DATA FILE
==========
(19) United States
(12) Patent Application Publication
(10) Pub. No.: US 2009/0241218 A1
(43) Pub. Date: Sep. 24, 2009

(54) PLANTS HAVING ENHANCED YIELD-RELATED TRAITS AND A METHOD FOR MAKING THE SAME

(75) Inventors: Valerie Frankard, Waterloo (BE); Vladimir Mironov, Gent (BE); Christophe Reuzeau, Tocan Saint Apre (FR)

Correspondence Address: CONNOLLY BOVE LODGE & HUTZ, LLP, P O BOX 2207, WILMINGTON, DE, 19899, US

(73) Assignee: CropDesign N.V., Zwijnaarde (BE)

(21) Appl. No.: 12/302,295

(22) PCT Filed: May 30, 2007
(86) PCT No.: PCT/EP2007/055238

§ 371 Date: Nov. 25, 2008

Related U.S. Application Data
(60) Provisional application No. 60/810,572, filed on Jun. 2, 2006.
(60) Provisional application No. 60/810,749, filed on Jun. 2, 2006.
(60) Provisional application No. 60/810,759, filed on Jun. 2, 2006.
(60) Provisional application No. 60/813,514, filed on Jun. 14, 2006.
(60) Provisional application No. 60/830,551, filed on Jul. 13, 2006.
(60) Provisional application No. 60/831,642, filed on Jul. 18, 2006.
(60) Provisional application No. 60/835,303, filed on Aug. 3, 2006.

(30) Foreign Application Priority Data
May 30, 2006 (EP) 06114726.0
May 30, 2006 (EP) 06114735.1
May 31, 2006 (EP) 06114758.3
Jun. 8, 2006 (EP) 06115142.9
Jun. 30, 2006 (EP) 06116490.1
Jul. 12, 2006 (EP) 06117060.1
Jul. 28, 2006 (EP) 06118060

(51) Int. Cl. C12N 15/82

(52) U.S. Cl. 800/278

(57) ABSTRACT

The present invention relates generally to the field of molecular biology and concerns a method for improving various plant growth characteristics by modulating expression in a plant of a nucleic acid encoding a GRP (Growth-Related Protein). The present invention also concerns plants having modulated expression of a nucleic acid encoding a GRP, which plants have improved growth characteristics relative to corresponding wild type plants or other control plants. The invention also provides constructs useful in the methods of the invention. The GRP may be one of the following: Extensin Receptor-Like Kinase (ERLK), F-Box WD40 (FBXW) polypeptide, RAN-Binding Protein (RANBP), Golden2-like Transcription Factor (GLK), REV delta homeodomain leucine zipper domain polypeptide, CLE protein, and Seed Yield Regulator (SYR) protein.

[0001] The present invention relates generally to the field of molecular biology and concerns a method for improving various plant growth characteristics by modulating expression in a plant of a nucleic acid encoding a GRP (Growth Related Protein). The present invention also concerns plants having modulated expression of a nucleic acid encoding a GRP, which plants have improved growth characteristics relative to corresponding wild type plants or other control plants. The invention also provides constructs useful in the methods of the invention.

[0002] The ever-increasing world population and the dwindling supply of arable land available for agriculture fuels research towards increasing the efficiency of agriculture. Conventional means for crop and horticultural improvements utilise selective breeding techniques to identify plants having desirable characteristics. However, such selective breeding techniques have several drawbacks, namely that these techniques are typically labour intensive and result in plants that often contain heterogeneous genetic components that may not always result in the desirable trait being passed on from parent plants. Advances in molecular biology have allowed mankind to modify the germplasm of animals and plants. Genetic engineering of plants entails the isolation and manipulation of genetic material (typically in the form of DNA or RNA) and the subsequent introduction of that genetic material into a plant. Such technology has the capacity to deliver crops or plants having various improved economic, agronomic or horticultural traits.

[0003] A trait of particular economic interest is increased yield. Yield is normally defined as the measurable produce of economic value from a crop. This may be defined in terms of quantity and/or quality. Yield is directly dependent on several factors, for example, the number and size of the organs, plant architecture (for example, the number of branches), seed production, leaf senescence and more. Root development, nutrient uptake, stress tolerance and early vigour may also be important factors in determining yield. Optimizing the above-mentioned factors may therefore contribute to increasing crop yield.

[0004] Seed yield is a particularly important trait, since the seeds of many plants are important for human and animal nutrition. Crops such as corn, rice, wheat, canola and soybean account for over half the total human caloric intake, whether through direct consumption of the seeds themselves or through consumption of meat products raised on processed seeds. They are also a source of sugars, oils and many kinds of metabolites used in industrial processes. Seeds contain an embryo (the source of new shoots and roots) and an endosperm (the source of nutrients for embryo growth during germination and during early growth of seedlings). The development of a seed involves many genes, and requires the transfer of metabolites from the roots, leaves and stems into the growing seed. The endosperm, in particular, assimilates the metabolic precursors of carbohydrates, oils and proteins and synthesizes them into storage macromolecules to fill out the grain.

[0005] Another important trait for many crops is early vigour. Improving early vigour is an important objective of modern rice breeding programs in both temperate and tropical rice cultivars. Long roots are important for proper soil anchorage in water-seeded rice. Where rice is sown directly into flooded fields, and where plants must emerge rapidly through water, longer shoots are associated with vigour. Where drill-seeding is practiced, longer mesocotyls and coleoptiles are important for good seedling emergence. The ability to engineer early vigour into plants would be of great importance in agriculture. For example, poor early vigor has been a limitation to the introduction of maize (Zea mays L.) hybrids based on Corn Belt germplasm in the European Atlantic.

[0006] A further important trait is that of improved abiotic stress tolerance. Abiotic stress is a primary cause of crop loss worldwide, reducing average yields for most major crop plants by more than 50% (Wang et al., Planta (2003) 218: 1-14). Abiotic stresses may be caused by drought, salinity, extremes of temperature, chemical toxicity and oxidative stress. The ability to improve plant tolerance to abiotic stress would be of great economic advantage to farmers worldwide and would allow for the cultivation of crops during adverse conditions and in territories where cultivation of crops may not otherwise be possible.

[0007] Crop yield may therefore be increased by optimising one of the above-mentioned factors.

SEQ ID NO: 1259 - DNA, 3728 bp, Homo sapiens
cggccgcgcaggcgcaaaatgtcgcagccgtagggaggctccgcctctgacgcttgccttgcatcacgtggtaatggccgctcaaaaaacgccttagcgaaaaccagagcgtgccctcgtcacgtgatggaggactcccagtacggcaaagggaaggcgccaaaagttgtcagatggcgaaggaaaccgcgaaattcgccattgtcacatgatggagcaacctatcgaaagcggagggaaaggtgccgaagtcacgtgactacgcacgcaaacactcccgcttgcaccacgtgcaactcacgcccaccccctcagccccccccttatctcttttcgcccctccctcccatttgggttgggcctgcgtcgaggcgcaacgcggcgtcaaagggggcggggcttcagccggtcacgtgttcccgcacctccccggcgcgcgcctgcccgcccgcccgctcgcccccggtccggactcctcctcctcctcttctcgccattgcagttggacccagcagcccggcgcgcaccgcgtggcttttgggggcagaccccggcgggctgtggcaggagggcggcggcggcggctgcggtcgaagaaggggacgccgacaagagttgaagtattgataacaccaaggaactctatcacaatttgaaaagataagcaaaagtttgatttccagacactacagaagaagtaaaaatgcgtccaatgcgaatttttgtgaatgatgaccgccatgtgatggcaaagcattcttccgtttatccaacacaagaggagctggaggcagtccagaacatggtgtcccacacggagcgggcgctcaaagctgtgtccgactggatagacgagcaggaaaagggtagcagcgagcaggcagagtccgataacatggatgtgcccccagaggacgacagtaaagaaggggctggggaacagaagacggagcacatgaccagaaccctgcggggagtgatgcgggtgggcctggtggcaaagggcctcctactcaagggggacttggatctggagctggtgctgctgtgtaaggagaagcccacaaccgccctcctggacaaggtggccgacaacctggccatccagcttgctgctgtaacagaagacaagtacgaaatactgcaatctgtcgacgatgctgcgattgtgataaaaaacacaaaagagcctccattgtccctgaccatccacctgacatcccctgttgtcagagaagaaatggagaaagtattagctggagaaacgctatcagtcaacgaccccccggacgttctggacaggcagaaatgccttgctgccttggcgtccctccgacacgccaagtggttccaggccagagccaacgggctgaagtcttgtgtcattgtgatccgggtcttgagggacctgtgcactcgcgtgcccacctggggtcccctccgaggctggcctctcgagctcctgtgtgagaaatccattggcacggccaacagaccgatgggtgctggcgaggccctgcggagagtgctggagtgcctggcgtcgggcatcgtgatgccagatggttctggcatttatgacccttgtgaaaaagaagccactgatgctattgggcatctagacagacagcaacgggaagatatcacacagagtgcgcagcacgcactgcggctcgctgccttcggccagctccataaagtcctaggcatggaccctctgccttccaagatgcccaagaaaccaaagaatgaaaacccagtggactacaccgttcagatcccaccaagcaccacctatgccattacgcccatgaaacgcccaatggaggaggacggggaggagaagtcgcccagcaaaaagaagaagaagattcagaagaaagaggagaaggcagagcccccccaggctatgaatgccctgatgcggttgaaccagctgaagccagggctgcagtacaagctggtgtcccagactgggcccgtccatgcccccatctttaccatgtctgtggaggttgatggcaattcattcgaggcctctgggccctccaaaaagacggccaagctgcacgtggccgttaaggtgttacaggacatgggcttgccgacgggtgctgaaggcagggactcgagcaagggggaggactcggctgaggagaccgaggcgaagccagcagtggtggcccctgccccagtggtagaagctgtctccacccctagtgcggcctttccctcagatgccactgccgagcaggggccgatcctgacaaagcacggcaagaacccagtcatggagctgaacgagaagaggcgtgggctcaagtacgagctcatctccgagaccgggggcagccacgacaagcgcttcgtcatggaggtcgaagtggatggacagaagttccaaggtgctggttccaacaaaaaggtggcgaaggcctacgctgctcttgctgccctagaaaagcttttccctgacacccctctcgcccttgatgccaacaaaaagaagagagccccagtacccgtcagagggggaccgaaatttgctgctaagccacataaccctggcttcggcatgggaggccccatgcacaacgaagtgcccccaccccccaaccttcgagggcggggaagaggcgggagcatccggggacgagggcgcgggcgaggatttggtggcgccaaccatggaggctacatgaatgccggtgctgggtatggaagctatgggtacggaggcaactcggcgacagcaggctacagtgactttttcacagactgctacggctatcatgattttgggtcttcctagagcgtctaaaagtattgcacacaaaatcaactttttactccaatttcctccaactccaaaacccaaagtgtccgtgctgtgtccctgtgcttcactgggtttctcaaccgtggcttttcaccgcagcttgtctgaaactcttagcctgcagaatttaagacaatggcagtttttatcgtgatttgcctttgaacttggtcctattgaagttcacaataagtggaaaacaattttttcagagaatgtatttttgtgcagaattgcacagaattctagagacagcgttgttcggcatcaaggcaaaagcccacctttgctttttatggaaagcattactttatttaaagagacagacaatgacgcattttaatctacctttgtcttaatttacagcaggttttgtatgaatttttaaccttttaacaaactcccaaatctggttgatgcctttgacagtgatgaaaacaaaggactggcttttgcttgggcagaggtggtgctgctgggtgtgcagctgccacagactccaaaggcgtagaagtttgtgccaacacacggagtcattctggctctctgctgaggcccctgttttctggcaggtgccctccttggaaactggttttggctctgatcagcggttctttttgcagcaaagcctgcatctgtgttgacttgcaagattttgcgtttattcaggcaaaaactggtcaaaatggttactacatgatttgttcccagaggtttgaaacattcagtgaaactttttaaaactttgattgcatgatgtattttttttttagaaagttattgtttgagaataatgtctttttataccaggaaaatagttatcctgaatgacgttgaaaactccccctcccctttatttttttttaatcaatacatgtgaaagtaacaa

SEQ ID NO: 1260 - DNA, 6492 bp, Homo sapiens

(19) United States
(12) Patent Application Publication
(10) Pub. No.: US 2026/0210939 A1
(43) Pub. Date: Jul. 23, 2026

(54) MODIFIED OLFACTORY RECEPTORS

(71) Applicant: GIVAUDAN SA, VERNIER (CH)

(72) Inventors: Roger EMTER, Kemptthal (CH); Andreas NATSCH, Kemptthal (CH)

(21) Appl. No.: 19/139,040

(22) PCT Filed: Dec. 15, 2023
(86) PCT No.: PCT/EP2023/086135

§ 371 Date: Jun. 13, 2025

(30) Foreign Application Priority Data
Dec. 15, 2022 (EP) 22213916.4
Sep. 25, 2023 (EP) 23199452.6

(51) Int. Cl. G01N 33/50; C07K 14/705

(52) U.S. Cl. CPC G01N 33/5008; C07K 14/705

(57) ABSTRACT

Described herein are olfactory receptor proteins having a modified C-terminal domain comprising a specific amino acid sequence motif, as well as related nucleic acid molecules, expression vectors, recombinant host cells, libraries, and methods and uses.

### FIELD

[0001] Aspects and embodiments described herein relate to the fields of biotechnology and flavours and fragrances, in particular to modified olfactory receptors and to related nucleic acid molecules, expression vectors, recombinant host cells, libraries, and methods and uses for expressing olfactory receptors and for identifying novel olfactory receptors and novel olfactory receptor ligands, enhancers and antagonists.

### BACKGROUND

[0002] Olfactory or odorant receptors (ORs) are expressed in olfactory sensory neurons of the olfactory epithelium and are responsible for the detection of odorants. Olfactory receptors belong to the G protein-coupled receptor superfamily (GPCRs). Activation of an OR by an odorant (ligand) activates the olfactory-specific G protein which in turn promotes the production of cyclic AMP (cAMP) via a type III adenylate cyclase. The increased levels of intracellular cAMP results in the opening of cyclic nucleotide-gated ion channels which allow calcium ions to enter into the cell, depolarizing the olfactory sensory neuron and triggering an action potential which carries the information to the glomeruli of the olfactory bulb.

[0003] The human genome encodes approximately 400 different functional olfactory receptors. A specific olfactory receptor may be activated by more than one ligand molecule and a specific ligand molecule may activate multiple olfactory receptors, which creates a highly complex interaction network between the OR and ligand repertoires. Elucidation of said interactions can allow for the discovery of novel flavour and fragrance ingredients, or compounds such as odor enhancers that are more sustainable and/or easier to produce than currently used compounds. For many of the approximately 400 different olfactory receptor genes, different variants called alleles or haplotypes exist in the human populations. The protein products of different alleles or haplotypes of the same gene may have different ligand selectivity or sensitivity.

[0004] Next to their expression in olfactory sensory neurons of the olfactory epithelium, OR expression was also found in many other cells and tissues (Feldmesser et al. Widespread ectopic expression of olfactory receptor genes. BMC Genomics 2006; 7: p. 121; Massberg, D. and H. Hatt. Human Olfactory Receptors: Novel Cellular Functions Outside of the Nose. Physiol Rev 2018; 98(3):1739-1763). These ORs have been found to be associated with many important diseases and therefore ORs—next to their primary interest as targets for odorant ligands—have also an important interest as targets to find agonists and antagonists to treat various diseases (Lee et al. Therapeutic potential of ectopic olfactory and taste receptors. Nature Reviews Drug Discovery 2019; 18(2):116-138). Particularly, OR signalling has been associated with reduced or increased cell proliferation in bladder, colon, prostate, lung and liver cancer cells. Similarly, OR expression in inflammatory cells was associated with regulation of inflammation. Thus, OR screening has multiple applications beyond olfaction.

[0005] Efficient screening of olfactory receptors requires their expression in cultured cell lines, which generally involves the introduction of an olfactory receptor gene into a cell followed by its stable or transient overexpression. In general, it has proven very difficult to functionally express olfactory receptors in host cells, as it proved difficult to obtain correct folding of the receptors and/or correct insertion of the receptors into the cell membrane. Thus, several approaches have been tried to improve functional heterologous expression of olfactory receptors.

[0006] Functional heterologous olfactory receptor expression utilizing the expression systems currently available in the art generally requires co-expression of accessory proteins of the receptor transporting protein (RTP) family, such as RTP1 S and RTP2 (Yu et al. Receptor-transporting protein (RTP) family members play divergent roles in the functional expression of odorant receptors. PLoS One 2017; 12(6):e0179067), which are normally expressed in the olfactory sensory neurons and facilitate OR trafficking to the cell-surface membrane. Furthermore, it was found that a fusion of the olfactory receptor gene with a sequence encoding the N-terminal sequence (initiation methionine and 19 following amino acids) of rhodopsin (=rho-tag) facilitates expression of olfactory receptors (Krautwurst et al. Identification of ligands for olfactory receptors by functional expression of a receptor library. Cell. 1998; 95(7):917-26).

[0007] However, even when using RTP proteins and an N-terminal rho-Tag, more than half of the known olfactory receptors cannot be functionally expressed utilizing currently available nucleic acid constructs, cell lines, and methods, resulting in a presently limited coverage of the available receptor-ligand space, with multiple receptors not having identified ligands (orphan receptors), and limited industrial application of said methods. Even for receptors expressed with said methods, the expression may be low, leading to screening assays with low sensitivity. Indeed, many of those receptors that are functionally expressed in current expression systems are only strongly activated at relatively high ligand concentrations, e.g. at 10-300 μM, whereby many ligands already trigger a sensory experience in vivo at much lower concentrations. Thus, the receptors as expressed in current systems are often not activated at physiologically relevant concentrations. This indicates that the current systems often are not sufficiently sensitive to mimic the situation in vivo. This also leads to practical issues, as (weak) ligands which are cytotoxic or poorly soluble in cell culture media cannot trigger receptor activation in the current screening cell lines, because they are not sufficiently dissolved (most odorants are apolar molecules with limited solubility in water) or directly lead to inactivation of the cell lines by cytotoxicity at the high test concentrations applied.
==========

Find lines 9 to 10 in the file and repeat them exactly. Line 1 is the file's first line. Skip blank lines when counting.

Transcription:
(21) Appl. No.: 12/302,295

(22) PCT Filed: May 30, 2007